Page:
I was recently asked to comment from a General Manager’s perspective my thoughts on the increasing use of the drug Adderall in the National Football League. The suspensions of Seahawk defensive corners Richard Sherman and Brandon Browner (pending appeal) have once again brought to the forefront the League’s stance on Substance Abuse and its policy governing all banned drugs. Now the Tampa Bay Buccaneers are once again in the spotlight of suspension shortly after former Buc (now New England Patriot) Aqib Talib returned from his own four game hiatus. Eric Wright is the latest to sit out for the Buccaneers as they try to make a late season playoff run.
Adderall in the NFL
Though banned since being put on the NFL’s “No-No” list in 2006, it appears Adderall is taking center stage for coaches and front office executives attempting to keep their clubs clean and their rosters intact. Adderall is a psychostimulant commonly used to treat Attention Deficit Disorder (ADD). Classified as an amphetamine, Adderall can be taken for weight loss and is widely used as a “study drug” on college campuses around the country. It’s reported to give the feeling of drinking “100 cups of coffee” while increasing focus, decreasing anxiety, and supplying an incredible energy boost. But besides providing an enhancing edge to players, like any stimulant it’s subject to abuse and addiction.
The latest cases aren’t the first this season (or even in past seasons) for the NFL to have to administer punishment. As reported by news sources, New York Giants safeties Will Hill and Tyler Sash, Cleveland Browns cornerback Joe Haden and Atlanta Falcons offensive lineman Joe Hawley said their suspensions earlier this year were also because of Adderall.
Lessons ever learned?
On the heels of Lance Armstrong’s personal demise as a result of “blood doping”, you’d think we’d just about had our fill of these types of stories. Baseball’s struggles have long been front and center with the likes of Mark McGwire, Jose Canseco and Barry Bonds. The physicality and brutal nature that lays the boundaries for NFL players at times screams for shortcuts to be taken. Players are looking for every little edge they can gain in performance and longevity on the field.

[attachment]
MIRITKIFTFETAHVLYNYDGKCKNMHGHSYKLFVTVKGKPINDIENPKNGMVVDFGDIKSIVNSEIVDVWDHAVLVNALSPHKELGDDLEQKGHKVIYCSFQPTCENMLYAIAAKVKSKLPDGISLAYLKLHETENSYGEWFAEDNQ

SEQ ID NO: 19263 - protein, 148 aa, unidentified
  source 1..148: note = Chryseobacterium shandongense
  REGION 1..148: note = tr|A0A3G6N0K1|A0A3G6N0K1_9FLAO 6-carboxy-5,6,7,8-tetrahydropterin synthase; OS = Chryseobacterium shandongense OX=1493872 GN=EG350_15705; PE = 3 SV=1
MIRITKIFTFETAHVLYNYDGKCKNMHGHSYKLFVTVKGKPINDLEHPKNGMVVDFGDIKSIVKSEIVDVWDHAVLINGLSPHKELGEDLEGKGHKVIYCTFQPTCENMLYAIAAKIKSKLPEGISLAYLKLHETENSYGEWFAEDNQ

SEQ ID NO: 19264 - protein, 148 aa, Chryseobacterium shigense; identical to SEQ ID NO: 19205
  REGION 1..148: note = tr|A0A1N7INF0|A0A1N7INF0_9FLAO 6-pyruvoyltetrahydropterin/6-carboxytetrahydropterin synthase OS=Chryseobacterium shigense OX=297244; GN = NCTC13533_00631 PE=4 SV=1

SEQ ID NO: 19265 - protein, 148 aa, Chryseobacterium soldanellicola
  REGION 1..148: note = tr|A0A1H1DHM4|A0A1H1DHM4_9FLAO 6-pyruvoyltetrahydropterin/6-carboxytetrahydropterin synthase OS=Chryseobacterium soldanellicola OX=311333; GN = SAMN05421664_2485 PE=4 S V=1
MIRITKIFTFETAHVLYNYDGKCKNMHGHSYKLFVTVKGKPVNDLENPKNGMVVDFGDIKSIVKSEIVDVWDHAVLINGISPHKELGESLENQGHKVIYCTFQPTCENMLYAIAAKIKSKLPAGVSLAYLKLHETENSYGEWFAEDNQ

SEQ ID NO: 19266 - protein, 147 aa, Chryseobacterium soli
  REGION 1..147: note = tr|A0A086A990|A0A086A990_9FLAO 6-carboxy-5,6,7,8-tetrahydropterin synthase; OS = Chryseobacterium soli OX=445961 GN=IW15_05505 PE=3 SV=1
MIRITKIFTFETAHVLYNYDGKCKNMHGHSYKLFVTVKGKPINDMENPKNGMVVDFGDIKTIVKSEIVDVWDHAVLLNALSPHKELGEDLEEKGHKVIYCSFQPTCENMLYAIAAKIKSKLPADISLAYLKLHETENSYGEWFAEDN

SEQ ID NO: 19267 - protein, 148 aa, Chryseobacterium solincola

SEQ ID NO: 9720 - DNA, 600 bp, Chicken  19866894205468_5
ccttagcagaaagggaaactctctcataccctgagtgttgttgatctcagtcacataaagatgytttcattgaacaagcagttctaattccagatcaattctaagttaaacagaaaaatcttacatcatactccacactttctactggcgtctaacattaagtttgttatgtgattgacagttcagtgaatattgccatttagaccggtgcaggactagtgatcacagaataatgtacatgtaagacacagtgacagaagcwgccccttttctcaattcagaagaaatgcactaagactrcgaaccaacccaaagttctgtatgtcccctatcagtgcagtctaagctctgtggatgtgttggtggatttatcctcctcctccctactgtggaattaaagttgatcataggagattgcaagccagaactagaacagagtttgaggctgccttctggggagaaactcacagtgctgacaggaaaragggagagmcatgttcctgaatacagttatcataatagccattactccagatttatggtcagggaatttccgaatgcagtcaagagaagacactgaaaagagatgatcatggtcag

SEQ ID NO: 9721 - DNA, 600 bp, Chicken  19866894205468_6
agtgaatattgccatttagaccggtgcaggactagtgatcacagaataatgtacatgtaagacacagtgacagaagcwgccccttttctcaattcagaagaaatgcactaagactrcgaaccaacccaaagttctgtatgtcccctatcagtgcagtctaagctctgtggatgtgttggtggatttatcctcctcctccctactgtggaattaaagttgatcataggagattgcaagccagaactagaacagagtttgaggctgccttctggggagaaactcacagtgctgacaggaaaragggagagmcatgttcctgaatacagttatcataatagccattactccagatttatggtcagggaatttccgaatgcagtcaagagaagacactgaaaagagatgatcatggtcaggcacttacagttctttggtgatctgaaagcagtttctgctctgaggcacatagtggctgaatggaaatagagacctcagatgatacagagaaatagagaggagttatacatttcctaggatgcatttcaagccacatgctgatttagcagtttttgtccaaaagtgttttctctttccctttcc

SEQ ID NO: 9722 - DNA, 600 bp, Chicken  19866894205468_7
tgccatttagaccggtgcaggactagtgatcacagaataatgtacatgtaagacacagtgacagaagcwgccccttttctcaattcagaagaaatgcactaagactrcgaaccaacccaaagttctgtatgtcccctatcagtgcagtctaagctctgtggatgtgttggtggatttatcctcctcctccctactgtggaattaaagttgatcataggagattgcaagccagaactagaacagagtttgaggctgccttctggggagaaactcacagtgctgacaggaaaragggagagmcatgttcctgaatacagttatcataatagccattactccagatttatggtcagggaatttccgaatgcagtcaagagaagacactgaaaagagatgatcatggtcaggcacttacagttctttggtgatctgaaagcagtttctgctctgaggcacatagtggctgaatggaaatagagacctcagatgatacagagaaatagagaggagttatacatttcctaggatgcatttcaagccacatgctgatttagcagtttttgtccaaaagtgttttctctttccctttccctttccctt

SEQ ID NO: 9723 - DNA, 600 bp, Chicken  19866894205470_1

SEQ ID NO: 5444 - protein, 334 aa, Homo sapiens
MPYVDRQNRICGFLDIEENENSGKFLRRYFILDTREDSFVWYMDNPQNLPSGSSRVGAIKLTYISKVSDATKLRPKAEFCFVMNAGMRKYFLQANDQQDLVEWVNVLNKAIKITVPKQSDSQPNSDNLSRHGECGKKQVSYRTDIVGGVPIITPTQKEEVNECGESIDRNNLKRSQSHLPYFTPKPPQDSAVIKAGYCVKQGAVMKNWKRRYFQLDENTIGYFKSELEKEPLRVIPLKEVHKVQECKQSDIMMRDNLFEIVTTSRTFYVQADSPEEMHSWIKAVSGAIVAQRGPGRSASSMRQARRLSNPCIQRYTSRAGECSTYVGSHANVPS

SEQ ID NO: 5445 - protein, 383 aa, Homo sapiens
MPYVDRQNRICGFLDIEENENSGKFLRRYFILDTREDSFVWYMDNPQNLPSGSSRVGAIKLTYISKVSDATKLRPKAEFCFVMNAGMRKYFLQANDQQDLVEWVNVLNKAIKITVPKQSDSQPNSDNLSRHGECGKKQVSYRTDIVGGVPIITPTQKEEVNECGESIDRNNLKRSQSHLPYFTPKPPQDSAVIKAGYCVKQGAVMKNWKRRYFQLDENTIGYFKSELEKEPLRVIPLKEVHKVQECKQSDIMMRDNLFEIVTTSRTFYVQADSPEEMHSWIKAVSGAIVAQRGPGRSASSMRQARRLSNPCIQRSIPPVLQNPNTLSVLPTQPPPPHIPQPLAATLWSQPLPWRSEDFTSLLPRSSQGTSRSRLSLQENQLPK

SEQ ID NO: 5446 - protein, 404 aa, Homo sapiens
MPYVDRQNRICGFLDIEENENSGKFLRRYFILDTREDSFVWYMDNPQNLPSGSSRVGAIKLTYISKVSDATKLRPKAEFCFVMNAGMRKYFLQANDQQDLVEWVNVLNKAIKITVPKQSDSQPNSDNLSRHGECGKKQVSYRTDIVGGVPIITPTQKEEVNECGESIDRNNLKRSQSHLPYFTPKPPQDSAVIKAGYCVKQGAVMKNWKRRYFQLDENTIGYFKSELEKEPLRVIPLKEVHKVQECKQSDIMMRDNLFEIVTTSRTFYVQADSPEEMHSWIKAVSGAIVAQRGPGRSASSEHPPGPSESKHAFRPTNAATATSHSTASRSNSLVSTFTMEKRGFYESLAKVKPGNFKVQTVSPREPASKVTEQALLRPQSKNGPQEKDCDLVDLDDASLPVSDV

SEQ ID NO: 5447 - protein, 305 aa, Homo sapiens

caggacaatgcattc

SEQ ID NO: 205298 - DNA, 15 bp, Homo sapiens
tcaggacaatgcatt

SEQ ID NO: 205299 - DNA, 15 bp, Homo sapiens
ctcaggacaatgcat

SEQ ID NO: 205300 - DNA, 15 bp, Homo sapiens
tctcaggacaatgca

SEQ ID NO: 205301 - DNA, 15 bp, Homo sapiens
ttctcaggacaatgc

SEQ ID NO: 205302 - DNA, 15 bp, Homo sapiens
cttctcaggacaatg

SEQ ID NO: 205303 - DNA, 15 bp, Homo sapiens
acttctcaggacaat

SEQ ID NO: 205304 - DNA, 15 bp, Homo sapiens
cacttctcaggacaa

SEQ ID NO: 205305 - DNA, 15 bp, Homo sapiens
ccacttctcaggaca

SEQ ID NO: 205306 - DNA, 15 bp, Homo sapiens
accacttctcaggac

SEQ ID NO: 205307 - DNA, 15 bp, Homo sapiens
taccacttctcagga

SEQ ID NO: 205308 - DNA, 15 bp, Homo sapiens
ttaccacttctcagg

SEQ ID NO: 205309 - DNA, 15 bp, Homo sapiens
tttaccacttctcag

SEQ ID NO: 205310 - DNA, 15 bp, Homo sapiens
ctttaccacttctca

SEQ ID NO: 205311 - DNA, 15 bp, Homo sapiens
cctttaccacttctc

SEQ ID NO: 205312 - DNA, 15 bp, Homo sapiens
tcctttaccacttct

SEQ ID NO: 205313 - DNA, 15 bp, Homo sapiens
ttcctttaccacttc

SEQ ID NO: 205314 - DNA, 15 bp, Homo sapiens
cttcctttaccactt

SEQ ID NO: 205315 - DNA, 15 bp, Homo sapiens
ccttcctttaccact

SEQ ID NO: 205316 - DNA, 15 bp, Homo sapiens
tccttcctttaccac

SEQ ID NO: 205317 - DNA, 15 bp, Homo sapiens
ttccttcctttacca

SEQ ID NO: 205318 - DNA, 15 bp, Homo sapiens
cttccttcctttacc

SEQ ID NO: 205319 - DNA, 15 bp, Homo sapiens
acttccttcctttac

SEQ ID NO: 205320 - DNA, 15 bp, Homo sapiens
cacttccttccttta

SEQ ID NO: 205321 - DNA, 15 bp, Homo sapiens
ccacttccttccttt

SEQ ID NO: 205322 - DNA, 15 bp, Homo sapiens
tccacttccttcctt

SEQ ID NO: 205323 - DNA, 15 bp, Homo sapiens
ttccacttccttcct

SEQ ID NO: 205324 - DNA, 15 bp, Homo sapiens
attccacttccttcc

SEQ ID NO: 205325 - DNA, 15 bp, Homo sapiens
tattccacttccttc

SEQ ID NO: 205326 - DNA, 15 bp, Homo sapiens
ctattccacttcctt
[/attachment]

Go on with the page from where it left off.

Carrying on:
The National Football League has been as proactive a governing body as there is in professional sports. For as many “beefs” as I have concerning some of the oversight of the League Office, this isn’t one of them. Drug testing is administered randomly and often. Players are briefed and made fully aware of the list of banned substances by the NFL. There are “hotlines” to call with even the slightest of concerns or questions regarding anything a player takes into their system. The education process is thorough and the emphasis is complete.
Players should police themselves
Punishment of a four game suspension is tough on a wallet but can be crippling to a team, and here is where I’m going. The players have to step up and take it upon themselves to “police” their own profession, specifically at the club level. Little goes on inside a team that isn’t known in the locker rooms around the League. It’s difficult in any environment to be considered the “snitch”, but as Star Trek’s Mr. Spock once said, “The needs of the many out weight the needs of the few, or the one.”
In the case of players abusing, misusing, or otherwise screwing around with recreational, prescription, or over the counter drugs, it does nothing but put personal reputations on the line and put at risk the long term performance of the club. The League is usually vague and ambiguous as to what the specific violation of the Substance Abuse Policy is when handing down their judgment, leaving no recourse for the fans, the media, and others but to speculate. That is unless the player is willing to come clean on his own. Otherwise you’re just a pot smoking, steroid injecting, Adderall popping suspended abuser. From a GM’s perspective I don’t care what it is. If it hinders the ability to reach team goals, it needs to be dealt with strongly. I’ll do everything afterward to help the player address his problem.
But when it comes to policing their own behavior, ownership must be taken by the players. Fines and suspensions only go so far in getting the message across to the individual. As it starts hurting team performance and imposing lost playtime through suspensions, coaches and front office executives would be well served to ask for a little internal help from their own roster. Stop it at the source and don’t let it get this far. Peer pressure is a powerful motivator, even in the ultra-competitive National Football League.
Aren’t you all sick of these stories?
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